An example of how capitalism doesn’t work can be seen all throughout the Gilded Age. The late nineteenth and early twentieth century was filled with manipulation and schemers. After the Civil War, there was a massive wave of immigrants who thought America would be the answer to all of their dreams. However, there weren’t nearly enough jobs for all the people coming to this new land. Only those with enough money, skills, or who already had relatives living in the United States were able to provide quality lives for themselves and their families. Those who were poor and unskilled had a hard time making enough to survive. Because these immigrants were so desperate, companies could hire them, put them in terrible working conditions, and pay them little to nothing. Child labor was widespread in the Gilded Age. Both adults and children worked all day, every day, with no breaks, and barely made enough income to survive. The individual immigrants who were poor and unknown were unable to climb the money ladder and make something of themselves in this country. The only hope they could find was with other immigrants from their home country, something to remind them of life back in another world.

At this time, the government viewed itself only as a provider of essential services like roads and justice. Other than individuals being wronged, the government could not care less about what happened to America’s inhabitants. This governmental view led to machine politics, which is when “the official government [is] supported and manipulated by a shadow government of bosses and associations…sprang up to provide vital services to people who had no other recourse” (Gilded Age Scandal and Corruption).  William Marc Tweed used bribery and kickbacks to gain millions of dollars from contractors and suppliers, who had to pay in order to keep their jobs.

At the beginning of the twentieth century, companies started using new methods and cheap labor to get the most profit they could muster. The government was extremely behind in thinking, so the corporations continued to use cutthroat ways to gain money, both legally and illegally. America was built on the laissez-faire philosophy; when the government finally realized it was time to step in, it was too late. Corruption was prevalent.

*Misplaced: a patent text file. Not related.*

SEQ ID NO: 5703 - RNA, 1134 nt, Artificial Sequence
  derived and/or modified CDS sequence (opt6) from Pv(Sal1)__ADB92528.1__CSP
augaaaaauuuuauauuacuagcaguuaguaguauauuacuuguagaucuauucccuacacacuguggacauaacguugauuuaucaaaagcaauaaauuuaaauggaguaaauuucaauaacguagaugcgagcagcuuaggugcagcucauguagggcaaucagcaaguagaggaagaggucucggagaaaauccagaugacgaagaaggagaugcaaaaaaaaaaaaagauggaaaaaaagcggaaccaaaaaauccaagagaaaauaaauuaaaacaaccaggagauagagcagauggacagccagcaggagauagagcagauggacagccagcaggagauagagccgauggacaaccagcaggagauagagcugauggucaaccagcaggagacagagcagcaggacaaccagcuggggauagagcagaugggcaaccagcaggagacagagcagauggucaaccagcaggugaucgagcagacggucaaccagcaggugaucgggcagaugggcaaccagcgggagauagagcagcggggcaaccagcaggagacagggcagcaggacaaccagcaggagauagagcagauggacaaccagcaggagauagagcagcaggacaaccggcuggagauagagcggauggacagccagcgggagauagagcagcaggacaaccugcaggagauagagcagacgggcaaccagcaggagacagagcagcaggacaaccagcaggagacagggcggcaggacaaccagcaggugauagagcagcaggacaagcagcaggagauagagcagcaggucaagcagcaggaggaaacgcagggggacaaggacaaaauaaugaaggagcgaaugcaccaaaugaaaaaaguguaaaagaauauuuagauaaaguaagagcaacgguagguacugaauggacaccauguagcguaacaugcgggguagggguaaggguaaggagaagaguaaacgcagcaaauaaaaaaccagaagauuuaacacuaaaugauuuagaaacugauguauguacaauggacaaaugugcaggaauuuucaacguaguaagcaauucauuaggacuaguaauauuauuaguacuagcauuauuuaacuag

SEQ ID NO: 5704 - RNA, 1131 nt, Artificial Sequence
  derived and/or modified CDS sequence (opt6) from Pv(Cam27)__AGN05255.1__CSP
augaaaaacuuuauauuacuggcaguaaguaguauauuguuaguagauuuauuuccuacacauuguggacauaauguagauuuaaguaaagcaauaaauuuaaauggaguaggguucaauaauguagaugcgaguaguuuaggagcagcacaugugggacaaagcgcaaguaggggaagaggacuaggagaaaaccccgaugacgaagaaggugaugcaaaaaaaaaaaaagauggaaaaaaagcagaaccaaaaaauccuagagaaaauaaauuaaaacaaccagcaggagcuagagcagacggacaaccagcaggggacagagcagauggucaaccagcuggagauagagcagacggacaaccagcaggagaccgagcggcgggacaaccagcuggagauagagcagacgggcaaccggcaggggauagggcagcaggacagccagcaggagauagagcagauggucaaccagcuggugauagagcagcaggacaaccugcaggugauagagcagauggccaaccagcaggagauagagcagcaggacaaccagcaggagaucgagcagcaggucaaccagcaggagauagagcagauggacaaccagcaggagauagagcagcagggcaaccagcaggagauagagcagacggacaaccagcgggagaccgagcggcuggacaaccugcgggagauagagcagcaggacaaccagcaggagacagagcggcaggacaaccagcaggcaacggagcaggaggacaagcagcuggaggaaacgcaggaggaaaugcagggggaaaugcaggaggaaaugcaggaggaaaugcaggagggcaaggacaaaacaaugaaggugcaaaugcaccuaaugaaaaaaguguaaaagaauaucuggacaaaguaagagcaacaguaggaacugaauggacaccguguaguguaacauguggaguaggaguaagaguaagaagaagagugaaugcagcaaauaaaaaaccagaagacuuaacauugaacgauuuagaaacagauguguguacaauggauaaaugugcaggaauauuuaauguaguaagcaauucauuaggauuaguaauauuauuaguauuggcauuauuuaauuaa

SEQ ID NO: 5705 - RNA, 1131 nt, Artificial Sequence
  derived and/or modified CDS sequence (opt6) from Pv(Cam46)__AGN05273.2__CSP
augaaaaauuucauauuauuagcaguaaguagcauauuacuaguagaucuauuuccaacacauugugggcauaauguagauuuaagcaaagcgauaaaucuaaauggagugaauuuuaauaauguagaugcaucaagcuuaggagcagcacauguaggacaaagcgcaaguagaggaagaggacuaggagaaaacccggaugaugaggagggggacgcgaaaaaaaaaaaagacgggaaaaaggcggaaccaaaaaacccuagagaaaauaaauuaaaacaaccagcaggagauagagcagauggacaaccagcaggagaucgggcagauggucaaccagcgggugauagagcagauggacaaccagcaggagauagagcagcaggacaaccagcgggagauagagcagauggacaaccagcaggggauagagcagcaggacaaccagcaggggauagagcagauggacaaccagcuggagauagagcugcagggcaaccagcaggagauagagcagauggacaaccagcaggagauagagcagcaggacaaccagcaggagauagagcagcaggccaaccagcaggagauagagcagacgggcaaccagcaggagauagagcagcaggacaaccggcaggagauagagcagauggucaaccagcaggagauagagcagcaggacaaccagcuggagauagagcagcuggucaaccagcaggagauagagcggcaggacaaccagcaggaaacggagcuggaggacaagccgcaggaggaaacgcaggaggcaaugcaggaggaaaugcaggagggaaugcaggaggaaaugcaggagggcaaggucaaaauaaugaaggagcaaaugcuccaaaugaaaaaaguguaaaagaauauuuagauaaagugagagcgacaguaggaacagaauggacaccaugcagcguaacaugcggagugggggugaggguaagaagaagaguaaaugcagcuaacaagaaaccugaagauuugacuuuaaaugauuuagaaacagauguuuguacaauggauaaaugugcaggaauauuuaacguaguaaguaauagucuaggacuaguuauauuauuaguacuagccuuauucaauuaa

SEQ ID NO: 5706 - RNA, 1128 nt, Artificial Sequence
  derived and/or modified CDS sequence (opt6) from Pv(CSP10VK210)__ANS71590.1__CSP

Smith states that “He will be more likely to prevail if he can interest their self-love in his favor, and show them that it is for their own advantage to do for him what he requires of them” (Division of Labor). He goes on to say to succeed in this, one must not talk of his own necessities but of their advantages. Smith proves that capitalism is about true exploitation and persuading people to give up their own time for an individual’s own personal gain. The world would be a much better place if people stopped thinking of personal gain, and instead thought of the nation and the world as a whole.

Capitalism makes us less free. As seen in the Gilded Age, it brings out the selfishness in everyone. Capitalism pleases the rich and the uneducated poor, who have been persuaded by the wealthy that it benefits the entire population. They are given hope that they, too, can one day be rich. But the likelihood of this happening is slim to none. Von Mises says that “[individualism] aims at the creation of a sphere in which the individual is free to think, to choose, and to act without being restrained by the interference of the social apparatus of coercion and oppression, the State” (Liberty and Property). However, that assumes that all people in a capitalistic society and honest, selfless, and generous. At least in the United States, that is far from the truth. Capitalism stifles true individual freedom and prevents our nation from becoming the greatest in the world.

Sources:

Aboukhadijeh, Feross. “Gilded Age Scandal and Corruption” StudyNotes.org. StudyNotes, Inc., 17 Nov. 2012. Web. 05 May. 2013.

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One thought on “Capitalism and the Gilded Age

  1. I think you go to far in claiming Von Mises contradicts himself when he says that “a man of average intellectual abilities has no chance to rise to the rank of a captain of industry.” That’s only true if Von Mises had said that any individual could rise up, as you claim he says, but I don’t recall him saying that anywhere. His argument for capitalism is not that anyone can rise up, but that those who are on top only get to be on top by serving the needs and desires of the masses, and that if the products they create are not considered by the masses to be beneficial, they will not buy them, and then the people on top will no longer be there.